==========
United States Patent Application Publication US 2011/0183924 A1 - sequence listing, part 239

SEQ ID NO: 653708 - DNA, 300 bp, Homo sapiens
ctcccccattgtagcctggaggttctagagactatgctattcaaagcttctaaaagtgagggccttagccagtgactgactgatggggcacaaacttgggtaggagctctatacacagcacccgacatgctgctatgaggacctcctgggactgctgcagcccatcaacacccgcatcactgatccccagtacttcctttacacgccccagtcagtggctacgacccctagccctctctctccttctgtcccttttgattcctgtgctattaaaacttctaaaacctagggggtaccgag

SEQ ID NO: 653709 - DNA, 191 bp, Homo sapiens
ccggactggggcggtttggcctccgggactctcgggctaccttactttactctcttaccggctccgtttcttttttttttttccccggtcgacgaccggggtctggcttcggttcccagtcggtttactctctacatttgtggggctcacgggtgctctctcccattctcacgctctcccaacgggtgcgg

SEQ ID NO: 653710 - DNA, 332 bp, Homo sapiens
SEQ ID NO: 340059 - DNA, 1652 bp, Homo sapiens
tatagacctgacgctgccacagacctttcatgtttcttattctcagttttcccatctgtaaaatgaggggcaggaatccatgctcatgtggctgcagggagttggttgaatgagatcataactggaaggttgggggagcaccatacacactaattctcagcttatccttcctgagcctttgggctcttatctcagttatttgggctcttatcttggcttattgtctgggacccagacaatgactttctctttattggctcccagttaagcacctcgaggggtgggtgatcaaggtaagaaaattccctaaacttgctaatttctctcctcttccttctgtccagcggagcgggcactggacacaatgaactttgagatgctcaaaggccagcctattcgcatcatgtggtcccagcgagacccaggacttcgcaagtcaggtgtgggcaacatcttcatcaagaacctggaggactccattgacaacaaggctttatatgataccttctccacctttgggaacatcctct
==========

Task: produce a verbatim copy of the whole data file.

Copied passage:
United States Patent Application Publication US 2011/0183924 A1 - sequence listing, part 239

SEQ ID NO: 653708 - DNA, 300 bp, Homo sapiens
ctcccccattgtagcctggaggttctagagactatgctattcaaagcttctaaaagtgagggccttagccagtgactgactgatggggcacaaacttgggtaggagctctatacacagcacccgacatgctgctatgaggacctcctgggactgctgcagcccatcaacacccgcatcactgatccccagtacttcctttacacgccccagtcagtggctacgacccctagccctctctctccttctgtcccttttgattcctgtgctattaaaacttctaaaacctagggggtaccgag

SEQ ID NO: 653709 - DNA, 191 bp, Homo sapiens
ccggactggggcggtttggcctccgggactctcgggctaccttactttactctcttaccggctccgtttcttttttttttttccccggtcgacgaccggggtctggcttcggttcccagtcggtttactctctacatttgtggggctcacgggtgctctctcccattctcacgctctcccaacgggtgcgg

SEQ ID NO: 653710 - DNA, 332 bp, Homo sapiens
SEQ ID NO: 340059 - DNA, 1652 bp, Homo sapiens
tatagacctgacgctgccacagacctttcatgtttcttattctcagttttcccatctgtaaaatgaggggcaggaatccatgctcatgtggctgcagggagttggttgaatgagatcataactggaaggttgggggagcaccatacacactaattctcagcttatccttcctgagcctttgggctcttatctcagttatttgggctcttatcttggcttattgtctgggacccagacaatgactttctctttattggctcccagttaagcacctcgaggggtgggtgatcaaggtaagaaaattccctaaacttgctaatttctctcctcttccttctgtccagcggagcgggcactggacacaatgaactttgagatgctcaaaggccagcctattcgcatcatgtggtcccagcgagacccaggacttcgcaagtcaggtgtgggcaacatcttcatcaagaacctggaggactccattgacaacaaggctttatatgataccttctccacctttgggaacatcctct